New Special Exhibition: How Historic Durham Survived the 20th Century ...

 

A small selection of items from our extensive collections.
Relive the story of Durham from Medieval times to the 20th century in this excellent local history Museum. Enjoy models of the medieval city and 19th century Market Place and explore the reconstruction of a Victorian prison cell.

Displays describe the origins and development of the city and many fascinating objects illustrate domestic life, social life and the lost trades and industries. Two recent additions are stained glass windows of Ralph de Neville and Cecily de Neville, 'the Rose of Raby' by William Collins, 1824, originally in a room at Brancepeth Castle.

The museum is situated in an historic Grade I Listed Building, close to the Cathedral, once the parish church of the North Bailey. It was rebuilt in the 17th Century and retains impressive woodwork from that period. The churchyard is now the museum garden and contains two important sculptures by renowned local artist Fenwick Lawson.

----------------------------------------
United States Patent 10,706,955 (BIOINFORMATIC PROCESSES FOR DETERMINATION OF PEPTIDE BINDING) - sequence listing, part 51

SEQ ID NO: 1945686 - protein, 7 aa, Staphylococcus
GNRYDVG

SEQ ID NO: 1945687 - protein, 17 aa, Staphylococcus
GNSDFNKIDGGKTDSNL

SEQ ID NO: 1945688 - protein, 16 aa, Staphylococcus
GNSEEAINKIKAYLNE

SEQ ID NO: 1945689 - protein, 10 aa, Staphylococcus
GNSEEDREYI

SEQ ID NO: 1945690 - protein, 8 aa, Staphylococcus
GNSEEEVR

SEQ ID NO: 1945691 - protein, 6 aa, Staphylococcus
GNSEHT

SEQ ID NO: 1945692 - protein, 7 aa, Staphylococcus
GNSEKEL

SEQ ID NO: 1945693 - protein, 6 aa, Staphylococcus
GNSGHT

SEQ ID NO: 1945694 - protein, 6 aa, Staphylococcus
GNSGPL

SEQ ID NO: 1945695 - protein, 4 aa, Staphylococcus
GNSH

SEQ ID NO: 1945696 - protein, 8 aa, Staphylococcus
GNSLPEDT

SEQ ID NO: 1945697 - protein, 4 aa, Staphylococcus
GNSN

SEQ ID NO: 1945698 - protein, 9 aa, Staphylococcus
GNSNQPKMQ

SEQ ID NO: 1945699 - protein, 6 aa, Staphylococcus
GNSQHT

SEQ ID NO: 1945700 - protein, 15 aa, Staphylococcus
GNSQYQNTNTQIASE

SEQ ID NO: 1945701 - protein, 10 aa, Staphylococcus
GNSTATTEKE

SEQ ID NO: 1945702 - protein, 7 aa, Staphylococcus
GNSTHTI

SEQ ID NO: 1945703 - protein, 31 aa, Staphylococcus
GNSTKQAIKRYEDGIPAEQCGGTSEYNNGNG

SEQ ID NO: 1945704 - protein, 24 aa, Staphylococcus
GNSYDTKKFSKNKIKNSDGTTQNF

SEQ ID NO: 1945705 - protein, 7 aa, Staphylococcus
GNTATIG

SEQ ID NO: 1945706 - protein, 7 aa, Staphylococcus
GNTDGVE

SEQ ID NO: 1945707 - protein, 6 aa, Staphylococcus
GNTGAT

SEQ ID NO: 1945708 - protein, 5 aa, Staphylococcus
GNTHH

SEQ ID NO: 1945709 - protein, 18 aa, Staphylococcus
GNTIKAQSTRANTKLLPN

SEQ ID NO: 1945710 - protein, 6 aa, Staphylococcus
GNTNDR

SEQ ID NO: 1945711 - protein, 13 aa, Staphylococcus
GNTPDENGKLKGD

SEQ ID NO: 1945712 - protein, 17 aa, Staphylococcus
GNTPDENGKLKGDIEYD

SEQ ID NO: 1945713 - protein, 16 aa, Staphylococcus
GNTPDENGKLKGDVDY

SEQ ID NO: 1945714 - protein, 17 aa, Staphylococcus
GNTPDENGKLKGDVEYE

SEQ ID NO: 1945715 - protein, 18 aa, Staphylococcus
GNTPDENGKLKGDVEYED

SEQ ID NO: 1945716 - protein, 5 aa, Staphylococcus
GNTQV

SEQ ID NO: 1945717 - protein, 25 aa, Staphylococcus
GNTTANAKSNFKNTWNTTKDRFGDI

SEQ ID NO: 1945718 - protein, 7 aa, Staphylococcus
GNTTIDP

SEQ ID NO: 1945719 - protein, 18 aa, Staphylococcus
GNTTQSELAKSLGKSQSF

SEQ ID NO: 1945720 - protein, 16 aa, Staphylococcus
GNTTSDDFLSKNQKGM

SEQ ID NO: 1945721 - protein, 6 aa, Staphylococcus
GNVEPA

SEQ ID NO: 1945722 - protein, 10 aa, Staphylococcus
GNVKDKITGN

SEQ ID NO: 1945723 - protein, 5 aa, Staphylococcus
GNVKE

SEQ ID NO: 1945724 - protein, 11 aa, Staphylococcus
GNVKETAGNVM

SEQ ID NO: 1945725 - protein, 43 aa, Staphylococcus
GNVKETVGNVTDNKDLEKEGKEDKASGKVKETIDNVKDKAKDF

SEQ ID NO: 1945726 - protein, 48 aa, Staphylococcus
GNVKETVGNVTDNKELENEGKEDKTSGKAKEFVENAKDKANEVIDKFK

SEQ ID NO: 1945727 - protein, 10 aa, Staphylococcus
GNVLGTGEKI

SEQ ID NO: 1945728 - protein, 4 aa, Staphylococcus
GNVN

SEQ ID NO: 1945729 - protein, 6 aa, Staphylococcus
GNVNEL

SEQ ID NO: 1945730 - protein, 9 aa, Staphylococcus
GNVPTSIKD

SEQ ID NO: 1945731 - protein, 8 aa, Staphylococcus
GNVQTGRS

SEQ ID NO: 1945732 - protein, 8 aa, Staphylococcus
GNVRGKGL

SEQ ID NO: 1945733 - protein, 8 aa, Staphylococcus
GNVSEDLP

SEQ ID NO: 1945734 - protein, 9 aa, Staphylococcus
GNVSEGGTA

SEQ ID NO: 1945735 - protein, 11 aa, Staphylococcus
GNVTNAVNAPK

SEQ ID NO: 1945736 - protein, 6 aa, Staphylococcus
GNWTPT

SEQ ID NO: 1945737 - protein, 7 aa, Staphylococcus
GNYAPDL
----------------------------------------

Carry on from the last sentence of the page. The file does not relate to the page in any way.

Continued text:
The museum shop has a range of local history books, postcards, souvenirs and gifts for all ages. There is also a selection of replica brasses from English churches to allow you to make a unique brass rubbing.

Noticeboard

Opening Times:

Open at Weekends & Bank Holidays in April and May.

Open Wednesday to Sunday in June, July, August and September.

Open August Bank Holiday Monday & Weekends in October.

Opening hours 11am to 4.30pm.

Admission Charges:

Adults £2.50
Concessions £2.00
Children £1.00
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News:

See the report and photos of a recent reception at Durham Museum.

A new Special Exhibition called 'How Historic Durham Survived the 20th Century' opens on 17th June and will remain on display until summer 2023.